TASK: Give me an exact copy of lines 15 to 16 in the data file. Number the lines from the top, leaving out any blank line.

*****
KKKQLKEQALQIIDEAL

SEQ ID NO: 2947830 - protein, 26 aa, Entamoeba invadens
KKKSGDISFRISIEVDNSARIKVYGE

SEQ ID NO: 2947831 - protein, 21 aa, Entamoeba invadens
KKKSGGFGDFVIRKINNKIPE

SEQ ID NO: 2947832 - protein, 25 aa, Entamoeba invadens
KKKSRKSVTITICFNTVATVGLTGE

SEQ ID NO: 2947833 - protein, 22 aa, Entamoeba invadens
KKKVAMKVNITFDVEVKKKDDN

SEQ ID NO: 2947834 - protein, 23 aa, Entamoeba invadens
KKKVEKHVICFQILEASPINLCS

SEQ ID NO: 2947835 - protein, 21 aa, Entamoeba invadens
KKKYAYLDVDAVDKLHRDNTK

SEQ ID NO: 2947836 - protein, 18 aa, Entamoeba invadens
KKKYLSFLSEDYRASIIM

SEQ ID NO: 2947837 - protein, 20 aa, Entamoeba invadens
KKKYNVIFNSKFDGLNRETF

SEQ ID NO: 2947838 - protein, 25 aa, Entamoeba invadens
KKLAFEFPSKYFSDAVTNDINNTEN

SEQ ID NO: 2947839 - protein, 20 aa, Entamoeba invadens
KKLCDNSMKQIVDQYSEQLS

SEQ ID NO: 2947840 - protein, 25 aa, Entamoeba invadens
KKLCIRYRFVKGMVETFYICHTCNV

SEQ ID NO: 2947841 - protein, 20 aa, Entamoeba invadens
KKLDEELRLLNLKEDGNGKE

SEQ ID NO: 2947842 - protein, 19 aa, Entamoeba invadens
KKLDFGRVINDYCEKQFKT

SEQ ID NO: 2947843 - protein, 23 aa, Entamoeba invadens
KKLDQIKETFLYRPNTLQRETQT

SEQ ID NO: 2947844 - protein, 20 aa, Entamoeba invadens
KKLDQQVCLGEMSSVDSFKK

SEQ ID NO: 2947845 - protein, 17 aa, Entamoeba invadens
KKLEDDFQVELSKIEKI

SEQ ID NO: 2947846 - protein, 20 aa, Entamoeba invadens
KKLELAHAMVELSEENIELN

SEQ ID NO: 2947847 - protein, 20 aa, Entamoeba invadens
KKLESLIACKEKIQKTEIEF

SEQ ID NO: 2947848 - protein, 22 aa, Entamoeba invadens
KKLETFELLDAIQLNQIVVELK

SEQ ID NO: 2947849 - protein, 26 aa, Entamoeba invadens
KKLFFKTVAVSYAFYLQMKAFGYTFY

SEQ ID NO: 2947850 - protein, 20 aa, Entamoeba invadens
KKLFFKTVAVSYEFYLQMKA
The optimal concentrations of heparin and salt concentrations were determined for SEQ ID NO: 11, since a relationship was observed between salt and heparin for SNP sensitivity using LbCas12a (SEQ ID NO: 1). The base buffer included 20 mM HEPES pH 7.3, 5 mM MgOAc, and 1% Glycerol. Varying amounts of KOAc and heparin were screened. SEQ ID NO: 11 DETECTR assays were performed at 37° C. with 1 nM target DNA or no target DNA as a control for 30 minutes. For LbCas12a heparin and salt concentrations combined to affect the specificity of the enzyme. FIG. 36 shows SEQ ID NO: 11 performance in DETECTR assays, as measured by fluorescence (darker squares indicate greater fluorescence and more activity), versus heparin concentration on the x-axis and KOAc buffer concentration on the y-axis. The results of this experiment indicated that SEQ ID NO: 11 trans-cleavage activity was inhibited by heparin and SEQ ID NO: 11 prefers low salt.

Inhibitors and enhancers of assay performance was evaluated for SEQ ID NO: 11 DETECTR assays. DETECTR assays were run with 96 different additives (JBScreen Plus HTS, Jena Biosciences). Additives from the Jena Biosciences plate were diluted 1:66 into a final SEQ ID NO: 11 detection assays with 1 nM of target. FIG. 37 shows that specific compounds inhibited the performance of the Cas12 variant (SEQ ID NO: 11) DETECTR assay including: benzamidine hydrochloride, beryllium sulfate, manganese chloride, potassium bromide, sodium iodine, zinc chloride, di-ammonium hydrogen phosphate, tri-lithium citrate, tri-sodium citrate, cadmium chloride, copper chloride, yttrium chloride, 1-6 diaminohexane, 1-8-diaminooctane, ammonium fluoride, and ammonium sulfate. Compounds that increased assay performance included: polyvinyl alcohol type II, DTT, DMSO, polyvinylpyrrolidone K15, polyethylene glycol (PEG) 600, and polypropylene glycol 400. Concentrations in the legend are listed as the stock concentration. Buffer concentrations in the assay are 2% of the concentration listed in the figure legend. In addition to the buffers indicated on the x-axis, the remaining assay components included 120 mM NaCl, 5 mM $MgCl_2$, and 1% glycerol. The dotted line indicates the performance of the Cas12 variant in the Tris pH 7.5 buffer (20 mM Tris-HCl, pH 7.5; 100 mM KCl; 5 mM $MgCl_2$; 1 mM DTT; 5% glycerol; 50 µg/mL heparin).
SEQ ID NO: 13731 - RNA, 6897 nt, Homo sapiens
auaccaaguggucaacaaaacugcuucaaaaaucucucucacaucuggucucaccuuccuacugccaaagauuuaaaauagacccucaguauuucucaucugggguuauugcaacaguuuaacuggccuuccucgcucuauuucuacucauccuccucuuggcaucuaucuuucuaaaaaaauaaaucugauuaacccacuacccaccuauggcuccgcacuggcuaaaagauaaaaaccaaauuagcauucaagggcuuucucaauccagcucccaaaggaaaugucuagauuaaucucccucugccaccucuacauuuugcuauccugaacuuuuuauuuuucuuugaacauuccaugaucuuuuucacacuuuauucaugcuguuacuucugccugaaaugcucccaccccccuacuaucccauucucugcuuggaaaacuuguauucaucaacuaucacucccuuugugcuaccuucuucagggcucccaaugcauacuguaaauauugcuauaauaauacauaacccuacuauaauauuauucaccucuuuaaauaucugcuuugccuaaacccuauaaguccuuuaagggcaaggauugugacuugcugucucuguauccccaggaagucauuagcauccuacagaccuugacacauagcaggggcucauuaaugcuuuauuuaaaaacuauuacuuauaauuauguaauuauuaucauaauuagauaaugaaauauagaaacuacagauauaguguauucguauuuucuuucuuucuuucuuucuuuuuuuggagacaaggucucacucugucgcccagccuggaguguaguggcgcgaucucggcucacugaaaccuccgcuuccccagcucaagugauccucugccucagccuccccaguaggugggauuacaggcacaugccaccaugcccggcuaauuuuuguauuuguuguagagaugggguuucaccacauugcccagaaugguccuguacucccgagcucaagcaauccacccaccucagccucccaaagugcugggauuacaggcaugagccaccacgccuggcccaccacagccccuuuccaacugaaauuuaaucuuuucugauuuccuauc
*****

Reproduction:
KKKYLSFLSEDYRASIIM

SEQ ID NO: 2947837 - protein, 20 aa, Entamoeba invadens